If "war is not the answer," then what is?

Larry Elder

12/7/2006 12:00:00 AM - Larry Elder

"War is not the answer."

So said the bumper sticker on the car I parked behind. Early for my haircut, I decided to sit a bit and ponder the gravity of that message. "War is not the answer" -- to what? To non-war? To, say, the Japanese sneak attack on Pearl Harbor? To Germany's invasion of Poland in 1939? To the simultaneous multi-Arab nation attack on the newly United-Nations-chartered State of Israel in 1948?

The bumper-sticker driver, undoubtedly, knows of a "peaceful" or "diplomatic" response to all of history's wars. Since he or she completely rejects the notion of a "just war," I decided to wait a bit in hopes that the driver might return to enlighten me.

What to do, for example, with the president of Iran, Mahmoud Ahmadinejad, who directly threatens the United States? He said, "God willing, with the force of God behind it, we shall soon experience a world without the United States and Zionism." Only recently, he elaborated. In talks in Qatar with Palestinian Prime Minister Ismail Haniyeh, Ahmadinejad said, "[T]he Zionist regime was created to establish dominion of arrogant states over the region and to enable the enemy to penetrate the heart Muslim land." Haniyeh said Israel was "on the verge of disappearing." "There is no doubt the Palestinian nation and Muslims as a whole will emerge victorious," the Iranian president told Haniyeh.

Since "war is not the answer," how would Mr./Ms. Bumper Sticker respond? Ignore it? Apparently, Ahmadinejad does not mean it. Take action first? Of course not, since, if "war is not the answer," then presumably "preemptive war" is not either.

What about our military's recent report of "smoking gun" evidence of Iran's direct shipment of munitions to "insurgents" in Iraq? After free elections in Iraq where nearly 80 percent of eligible Iraqis voted, after the establishment of a constitution, after the establishment of a multi-ethnic government, the Holocaust-denying country of Iran sends money, munitions and intel to destroy Iraq's fledgling government. Advice, please.

Israel, the country Iran seeks to "wipe out from the map of the world," pulled completely out of the Gaza Strip. In return, the Palestinians sent rockets into Israel and kidnapped a soldier. Meanwhile, in southern Lebanon, under the noses of the United Nations "peacekeepers," terror group Hezbollah, financed by Iran, built a stockpile of thousands of rockets, a substantial portion of which ended up cascading down on Israeli towns and villages during the Hezbollah/Lebanon/Syria/Iran war against Israel. What, then, is "the answer"?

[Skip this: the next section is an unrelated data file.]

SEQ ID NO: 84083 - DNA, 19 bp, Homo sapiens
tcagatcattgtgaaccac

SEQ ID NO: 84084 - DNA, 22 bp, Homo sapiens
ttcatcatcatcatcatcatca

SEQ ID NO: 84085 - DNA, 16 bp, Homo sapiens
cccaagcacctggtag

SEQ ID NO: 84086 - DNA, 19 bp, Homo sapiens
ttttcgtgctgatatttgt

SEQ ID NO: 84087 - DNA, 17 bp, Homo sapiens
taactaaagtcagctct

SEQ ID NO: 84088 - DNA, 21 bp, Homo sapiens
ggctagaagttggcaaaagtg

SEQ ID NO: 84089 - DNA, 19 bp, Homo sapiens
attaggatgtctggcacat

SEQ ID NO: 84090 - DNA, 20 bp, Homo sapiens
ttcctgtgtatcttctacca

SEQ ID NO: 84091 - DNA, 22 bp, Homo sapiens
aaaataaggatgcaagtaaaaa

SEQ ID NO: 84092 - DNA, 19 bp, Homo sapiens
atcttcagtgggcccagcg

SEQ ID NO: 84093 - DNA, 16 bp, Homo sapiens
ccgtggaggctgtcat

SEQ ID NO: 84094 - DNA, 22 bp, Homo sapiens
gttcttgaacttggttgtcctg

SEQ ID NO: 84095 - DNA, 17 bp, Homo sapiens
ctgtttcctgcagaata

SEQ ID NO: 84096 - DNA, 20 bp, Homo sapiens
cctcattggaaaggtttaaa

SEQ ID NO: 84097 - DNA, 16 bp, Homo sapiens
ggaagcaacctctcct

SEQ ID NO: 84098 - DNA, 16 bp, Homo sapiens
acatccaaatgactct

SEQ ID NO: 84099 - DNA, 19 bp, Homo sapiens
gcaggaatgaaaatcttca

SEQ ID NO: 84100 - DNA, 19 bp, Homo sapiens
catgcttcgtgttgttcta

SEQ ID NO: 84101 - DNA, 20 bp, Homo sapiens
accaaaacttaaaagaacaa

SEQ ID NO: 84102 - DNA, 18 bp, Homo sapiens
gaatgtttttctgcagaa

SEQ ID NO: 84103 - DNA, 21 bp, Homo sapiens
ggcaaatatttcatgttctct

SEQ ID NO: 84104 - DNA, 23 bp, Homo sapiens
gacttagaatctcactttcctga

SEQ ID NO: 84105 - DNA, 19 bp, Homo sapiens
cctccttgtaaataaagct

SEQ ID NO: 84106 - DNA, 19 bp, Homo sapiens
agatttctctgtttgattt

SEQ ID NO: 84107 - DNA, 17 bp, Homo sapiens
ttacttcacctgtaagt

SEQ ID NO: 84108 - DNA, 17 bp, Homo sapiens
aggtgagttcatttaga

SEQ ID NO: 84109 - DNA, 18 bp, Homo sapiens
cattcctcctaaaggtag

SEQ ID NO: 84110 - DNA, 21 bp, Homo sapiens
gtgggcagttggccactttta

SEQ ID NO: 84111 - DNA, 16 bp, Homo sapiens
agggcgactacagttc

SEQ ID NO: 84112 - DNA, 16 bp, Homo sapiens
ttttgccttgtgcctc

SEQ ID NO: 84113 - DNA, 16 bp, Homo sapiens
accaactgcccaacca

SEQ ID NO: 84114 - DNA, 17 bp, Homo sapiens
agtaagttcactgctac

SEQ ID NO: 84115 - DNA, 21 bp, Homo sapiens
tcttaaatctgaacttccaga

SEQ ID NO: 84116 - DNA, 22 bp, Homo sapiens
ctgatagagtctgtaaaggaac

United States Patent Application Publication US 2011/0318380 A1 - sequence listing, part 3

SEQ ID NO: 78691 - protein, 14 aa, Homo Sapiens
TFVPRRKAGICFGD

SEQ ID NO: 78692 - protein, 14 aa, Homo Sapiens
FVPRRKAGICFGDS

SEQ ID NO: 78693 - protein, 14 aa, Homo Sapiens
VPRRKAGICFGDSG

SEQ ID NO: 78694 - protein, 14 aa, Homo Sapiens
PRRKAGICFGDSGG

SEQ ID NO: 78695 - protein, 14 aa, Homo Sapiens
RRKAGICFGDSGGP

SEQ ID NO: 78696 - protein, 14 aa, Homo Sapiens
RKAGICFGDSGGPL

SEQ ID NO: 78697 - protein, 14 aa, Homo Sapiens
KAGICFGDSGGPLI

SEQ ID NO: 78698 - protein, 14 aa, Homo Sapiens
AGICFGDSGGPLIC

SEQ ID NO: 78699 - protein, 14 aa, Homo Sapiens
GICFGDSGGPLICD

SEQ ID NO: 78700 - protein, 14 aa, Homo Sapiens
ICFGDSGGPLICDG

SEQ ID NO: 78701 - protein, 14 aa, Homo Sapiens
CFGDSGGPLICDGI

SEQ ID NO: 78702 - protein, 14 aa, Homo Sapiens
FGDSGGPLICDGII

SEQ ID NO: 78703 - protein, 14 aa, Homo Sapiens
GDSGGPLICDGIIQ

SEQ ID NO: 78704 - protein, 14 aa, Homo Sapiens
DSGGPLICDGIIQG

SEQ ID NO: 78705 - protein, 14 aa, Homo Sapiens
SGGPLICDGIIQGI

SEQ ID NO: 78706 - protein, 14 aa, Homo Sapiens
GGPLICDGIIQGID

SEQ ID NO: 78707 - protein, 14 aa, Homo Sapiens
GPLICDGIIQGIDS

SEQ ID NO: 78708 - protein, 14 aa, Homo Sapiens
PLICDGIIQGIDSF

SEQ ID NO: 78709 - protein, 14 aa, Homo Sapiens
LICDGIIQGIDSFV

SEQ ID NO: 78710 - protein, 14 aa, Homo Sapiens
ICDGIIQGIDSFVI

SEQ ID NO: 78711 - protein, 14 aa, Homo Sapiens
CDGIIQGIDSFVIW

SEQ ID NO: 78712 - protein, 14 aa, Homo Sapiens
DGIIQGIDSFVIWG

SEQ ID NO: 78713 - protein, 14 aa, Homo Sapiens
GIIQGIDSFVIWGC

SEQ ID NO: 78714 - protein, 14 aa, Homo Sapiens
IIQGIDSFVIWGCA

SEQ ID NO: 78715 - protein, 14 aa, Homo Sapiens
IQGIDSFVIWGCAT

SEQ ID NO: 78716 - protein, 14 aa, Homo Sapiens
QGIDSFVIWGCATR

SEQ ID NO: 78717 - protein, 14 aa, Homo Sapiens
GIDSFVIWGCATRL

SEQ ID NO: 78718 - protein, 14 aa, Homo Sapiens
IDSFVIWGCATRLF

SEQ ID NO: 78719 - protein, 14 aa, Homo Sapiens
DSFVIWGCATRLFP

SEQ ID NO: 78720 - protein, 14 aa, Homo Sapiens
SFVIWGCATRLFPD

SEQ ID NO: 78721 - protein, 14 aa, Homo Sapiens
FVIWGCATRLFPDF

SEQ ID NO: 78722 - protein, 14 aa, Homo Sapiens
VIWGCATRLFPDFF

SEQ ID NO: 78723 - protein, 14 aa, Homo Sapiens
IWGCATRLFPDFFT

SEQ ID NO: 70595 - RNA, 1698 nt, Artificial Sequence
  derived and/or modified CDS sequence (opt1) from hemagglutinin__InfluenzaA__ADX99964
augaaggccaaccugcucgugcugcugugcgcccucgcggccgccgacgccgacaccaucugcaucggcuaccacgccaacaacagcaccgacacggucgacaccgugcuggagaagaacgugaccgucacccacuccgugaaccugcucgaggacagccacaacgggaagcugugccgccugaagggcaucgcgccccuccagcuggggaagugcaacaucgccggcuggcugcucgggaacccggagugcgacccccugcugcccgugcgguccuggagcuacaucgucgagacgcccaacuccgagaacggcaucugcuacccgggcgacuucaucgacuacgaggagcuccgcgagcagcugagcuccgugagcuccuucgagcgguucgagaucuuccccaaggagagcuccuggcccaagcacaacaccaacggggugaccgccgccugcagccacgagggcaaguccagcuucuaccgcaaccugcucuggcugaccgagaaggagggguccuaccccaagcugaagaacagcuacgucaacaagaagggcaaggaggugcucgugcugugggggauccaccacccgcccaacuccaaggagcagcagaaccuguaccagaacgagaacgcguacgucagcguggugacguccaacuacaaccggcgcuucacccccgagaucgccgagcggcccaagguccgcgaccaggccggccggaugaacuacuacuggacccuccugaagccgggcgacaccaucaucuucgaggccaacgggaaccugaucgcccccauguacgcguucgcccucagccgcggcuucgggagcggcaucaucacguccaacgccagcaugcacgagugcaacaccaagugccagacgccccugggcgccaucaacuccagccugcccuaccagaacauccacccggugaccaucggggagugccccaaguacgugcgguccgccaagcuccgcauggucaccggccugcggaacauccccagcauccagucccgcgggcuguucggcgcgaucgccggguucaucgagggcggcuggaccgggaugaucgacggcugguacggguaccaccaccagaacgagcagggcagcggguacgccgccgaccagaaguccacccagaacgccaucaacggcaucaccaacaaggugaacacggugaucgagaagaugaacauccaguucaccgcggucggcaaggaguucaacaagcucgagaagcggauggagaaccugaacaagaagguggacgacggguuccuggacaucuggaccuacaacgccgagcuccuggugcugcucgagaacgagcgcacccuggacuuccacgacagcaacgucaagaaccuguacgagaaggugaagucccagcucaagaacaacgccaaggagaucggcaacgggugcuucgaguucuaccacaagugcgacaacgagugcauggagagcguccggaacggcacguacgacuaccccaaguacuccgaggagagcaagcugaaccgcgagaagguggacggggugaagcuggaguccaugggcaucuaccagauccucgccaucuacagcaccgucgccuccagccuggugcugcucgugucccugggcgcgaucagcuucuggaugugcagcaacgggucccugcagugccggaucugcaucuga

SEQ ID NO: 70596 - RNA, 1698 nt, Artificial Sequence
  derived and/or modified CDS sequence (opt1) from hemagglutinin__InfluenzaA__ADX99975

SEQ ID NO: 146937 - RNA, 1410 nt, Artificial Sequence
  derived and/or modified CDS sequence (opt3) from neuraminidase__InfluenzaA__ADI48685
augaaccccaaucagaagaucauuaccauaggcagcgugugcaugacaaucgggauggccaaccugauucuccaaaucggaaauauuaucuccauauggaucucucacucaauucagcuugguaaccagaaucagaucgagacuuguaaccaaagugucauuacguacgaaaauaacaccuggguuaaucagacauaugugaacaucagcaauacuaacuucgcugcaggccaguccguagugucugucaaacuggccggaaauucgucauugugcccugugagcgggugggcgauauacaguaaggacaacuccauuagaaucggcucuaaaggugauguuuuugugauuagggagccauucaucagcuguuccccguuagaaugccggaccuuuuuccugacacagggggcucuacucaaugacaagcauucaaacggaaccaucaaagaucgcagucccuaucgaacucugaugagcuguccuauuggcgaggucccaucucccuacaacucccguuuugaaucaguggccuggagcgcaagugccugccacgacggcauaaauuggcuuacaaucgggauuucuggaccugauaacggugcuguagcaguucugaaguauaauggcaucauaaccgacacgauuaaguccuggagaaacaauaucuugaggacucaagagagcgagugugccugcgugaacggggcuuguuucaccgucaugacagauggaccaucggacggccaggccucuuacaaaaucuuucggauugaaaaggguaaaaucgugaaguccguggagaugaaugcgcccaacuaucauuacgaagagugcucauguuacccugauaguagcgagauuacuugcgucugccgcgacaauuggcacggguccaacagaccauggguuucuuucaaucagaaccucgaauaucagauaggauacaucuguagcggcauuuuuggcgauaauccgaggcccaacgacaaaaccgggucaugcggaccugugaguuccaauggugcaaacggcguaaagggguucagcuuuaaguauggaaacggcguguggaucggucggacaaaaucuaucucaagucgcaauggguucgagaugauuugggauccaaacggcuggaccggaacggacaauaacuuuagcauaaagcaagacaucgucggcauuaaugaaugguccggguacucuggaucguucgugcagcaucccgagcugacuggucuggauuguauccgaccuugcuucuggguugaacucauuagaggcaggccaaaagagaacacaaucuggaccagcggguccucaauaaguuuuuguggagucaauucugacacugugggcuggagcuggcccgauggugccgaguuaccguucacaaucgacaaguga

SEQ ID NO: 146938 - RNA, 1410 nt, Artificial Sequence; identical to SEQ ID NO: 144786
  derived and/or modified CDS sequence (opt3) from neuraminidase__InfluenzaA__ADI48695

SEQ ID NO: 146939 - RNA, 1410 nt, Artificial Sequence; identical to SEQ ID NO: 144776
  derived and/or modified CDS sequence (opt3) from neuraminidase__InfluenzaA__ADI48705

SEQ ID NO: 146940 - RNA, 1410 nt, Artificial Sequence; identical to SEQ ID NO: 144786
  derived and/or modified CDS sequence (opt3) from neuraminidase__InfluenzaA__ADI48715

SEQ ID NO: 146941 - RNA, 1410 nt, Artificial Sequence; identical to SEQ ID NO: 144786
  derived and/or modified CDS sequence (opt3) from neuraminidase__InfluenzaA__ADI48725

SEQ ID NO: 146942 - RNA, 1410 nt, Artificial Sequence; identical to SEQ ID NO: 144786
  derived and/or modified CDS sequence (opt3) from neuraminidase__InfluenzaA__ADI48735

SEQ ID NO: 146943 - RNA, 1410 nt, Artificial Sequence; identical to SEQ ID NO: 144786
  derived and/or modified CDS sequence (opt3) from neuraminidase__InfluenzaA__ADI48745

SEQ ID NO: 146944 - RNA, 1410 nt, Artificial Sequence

What of World War II -- a catastrophic conflict resulting in over 50 million military and civilian deaths? Winston Churchill wrote that if France and Britain had taken early action to stop Hitler, the entire war might have been averted. But, again, "preemptive war" is still war, is it not?

Iran claims it pursues uranium enrichment for peaceful purposes. Yet the International Atomic Energy Agency cannot corroborate those claims. Meanwhile, members of the United Nations, like Russia, sell nuclear technology to Iran. China negotiates deals with Iran to ensure a continuous supply of oil. If "war is not the answer," what about selling nuclear technology when the buyer says that a fellow United Nations state should be wiped out? What's the answer to one of Ahmadinejad's predecessors, Hashemi Rafsanjani, who said, "[T]he use of an atomic bomb against Israel would totally destroy Israel, while [the same] against the Islamic world would only cause damage. Such a scenario is not inconceivable."

But that's just Israel. What about Europe and America?

Osama bin Laden's 1998 fatwa urged Muslims to target American civilians as "a religious duty." Michael Scheuer, who created and ran the CIA's bin Laden unit, says that in 2003 bin Laden got a Saudi sheik to issue a fatwa authorizing the use of nuclear weapons against Americans, to retaliate for Muslims killed in the "holy war." Jordanian journalist Fouad Hussein, for his book "Al-Zarqawi: Al-Qaeda's Second Generation," interviewed several of bin Laden's top lieutenants, including the late Abu Musab al-Zarqawi. Hussein outlines al-Qaeda's strategy of seven phases -- the first one beginning as an "awakening" for Muslims worldwide following the September 11 attacks. The plan culminates with the "definitive victory" of "one-and-a-half billion Muslims" and the establishment of a global Islamic caliphate by 2020.

The Baker-Hamilton Commission wants "dialogue" with Syria and Iran. But the United Nations implicated Syria in the assassination of former Lebanese Prime Minister Rafik Hariri. More recently, assassins shot to death Pierre Gemayel, the high-ranking Lebanese industry minister, and another critic of Syria.

Oops, I was now late for my appointment. So the "answer" to war must await my haircut and mustache trim.